Almost a year ago, I posted "The Last of the Dupe" as I shot, developed and scanned the last roll of my beloved Ektachrome Slide Duplicating Film. What is so lovable? I suppose it is really subjective, but I just like the way the grain and colors combine. Note: I always cross-process this film in Unicolor C-41 and scan. I do the normal things for scanning film like make sure my stupid scanner (Epson V600) isn't cutting off half of the histogram. But I don't do anything really in the "color correction" realm. So recently, I was looking around the interwebz for some more. I do this periodically, but not usually with any success. Either it is just a single roll, or it is so over-priced, I won't buy it, or both. So when I came across two 100' rolls of Ektachrome, I stopped for a closer look. The were unopened, expired in '80 and '81. One roll was regular Ektachrome 64D and the other was SLIDE DUPE!! I got very excited until I saw the price. $120 plus s/h put this expired film at ~$0.66/foot. That is about 3x what I usually set my limit at for expired film especially with no guarantee, returns, etc. So I put a watch on it to see if it would sell, just out of curiosity and I also wanted to keep track of it if it didn't sell. The film didn't sell and was subsequently relisted as an auction starting at $0.99. Now that's a starting point I can get on board with! I would usually wait until the end and try to snipe the auction, but I really didn't think this was going to stay reasonably priced. So I threw a bid on it for $30 ($0.15/foot). Who knows how, but I won the auction with a winning bid of $10.50! Including s/h the film came out to be $0.12/foot!! If the film was any good, I got a really great bargain. If the film was trashed, I was out $23, which I could live with.

So here are the results of the first few shots. Taken with my trusty Pentax K1000 equipped with the SMC 50/1.7 lens. I set the meter at iso 32 and then I took one shot on center, the next shot was one stop slower (iso 16) and the next shot was one stop faster (iso 64). The roll was developed at regular temps and times for Unicolor C-41.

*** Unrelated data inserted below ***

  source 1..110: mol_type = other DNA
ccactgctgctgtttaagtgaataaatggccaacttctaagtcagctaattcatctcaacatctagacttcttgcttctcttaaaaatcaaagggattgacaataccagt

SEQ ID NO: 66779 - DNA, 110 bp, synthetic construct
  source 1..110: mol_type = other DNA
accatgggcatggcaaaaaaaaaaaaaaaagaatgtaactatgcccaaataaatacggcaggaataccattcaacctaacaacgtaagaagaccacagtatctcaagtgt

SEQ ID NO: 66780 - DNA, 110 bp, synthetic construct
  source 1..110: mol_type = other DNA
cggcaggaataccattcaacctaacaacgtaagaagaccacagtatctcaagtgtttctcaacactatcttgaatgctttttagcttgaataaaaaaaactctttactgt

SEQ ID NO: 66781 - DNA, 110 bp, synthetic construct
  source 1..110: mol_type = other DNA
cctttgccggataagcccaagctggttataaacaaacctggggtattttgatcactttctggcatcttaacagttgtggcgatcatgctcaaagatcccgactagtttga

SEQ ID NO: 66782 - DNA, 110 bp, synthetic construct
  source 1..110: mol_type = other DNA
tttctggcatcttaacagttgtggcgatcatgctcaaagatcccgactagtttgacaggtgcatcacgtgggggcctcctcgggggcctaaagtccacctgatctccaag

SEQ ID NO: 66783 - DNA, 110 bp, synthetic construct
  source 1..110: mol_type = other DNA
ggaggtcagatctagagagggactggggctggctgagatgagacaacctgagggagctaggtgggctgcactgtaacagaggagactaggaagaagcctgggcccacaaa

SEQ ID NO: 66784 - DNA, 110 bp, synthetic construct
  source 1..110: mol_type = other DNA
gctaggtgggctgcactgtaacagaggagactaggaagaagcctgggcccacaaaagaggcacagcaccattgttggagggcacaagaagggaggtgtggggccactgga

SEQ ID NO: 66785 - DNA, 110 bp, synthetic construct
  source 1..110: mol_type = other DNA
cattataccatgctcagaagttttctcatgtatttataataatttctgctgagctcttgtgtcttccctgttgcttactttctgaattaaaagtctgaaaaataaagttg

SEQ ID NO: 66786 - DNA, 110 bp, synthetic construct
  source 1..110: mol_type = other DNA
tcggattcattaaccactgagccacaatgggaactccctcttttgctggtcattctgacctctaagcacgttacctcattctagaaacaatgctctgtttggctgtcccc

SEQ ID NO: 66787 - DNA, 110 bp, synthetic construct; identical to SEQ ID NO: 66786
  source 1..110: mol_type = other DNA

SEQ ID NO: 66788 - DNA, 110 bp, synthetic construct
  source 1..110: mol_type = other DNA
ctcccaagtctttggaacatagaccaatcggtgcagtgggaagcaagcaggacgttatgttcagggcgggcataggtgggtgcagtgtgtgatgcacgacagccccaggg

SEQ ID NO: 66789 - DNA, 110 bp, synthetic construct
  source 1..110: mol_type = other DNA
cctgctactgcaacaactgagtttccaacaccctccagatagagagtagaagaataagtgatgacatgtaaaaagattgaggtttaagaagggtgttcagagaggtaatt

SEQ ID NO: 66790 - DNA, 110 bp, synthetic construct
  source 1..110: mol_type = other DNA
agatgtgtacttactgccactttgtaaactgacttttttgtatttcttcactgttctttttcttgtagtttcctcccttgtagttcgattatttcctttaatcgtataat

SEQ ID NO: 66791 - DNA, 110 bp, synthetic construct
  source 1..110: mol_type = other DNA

K1000-SlideDupe-001
K1000-SlideDupe-002
K1000-SlideDupe-003

I did not adjust any levels or anything to make one shot look better than the others. I just set the histogram limits for black and white. At first glance, the iso 16 shots look best. But if you look at the last shot of the rose bud, you will see that the highlights blew. That is the only one taken in full sun, midday. So maybe 16 would be a good number if you are shooting this in diffuse or dim light (golden hour), but I think the iso 32 and 64 shots are more usable as far as the highlights and shadows go.

Here are the 32 and 64 shots from the middle set. I have adjusted these individually in order to compare on level ground.

K1000-SlideDupe-002-32
K1000-SlideDupe-002-64

It is easy to see that the shot at iso 64 has more grain and is a little cooler in tone. That is good to keep in mind in case that is a look I want. I might try another short roll like this and shoot at 64 and 125 and then push the development one stop. That might bring the warmth back to the colors and help with the grain a bit. If I decide to do that, I'll link it here. Until then I am just going to enjoy shooting my favorite film again.

Sunday, January 29, 2017

Russian Fog

I took a drive up to Oceanside, CA this morning. With me I had my Speed Graphic and my Isolette III. I haven't shot the Isolette in a while which is tragic because I really like the camera. However, I had loaded it with my least favorite film ever, Svema FN64. I shouldn't say that it is my least favorite film because there are films I have shot that gave no image whatsoever and those top the list for sure. Also, there are examples of FN64 that have produced perfectly acceptable results. I had bought a batch of 10 rolls on the auction site and for whatever reason, these rolls are fogged badly, in a weird way. I think I mostly wanted to just get it out of the freezer, but I feel bad about trashing film, even if it doesn't make images I like. Well, I guess I could sell it to the next unsuspecting bargain hunter, but I don't like foisting (that's right, I said "foisting") my problems on other people. So every once in a while I pull a roll out and shoot it, just in case something good might happen. I had shot that film before at iso 16 and there was one or two shots that were worth scanning and sharing, so I figured I'd try that same iso again. Once I get below 16, handheld gets harder to do and this was going to be my carry around camera for a week, so I didn't want to have to have a tripod everywhere. Maybe next time, I'll try 5 or 3.

Anyway, here are some results.

Isolette-FN64-010 Isolette-FN64-001

Note that you lose the last frame to the old tape. Seriously.

Isolette-FN64-003

The gear and film.

NikkormatFtN-AereconII-008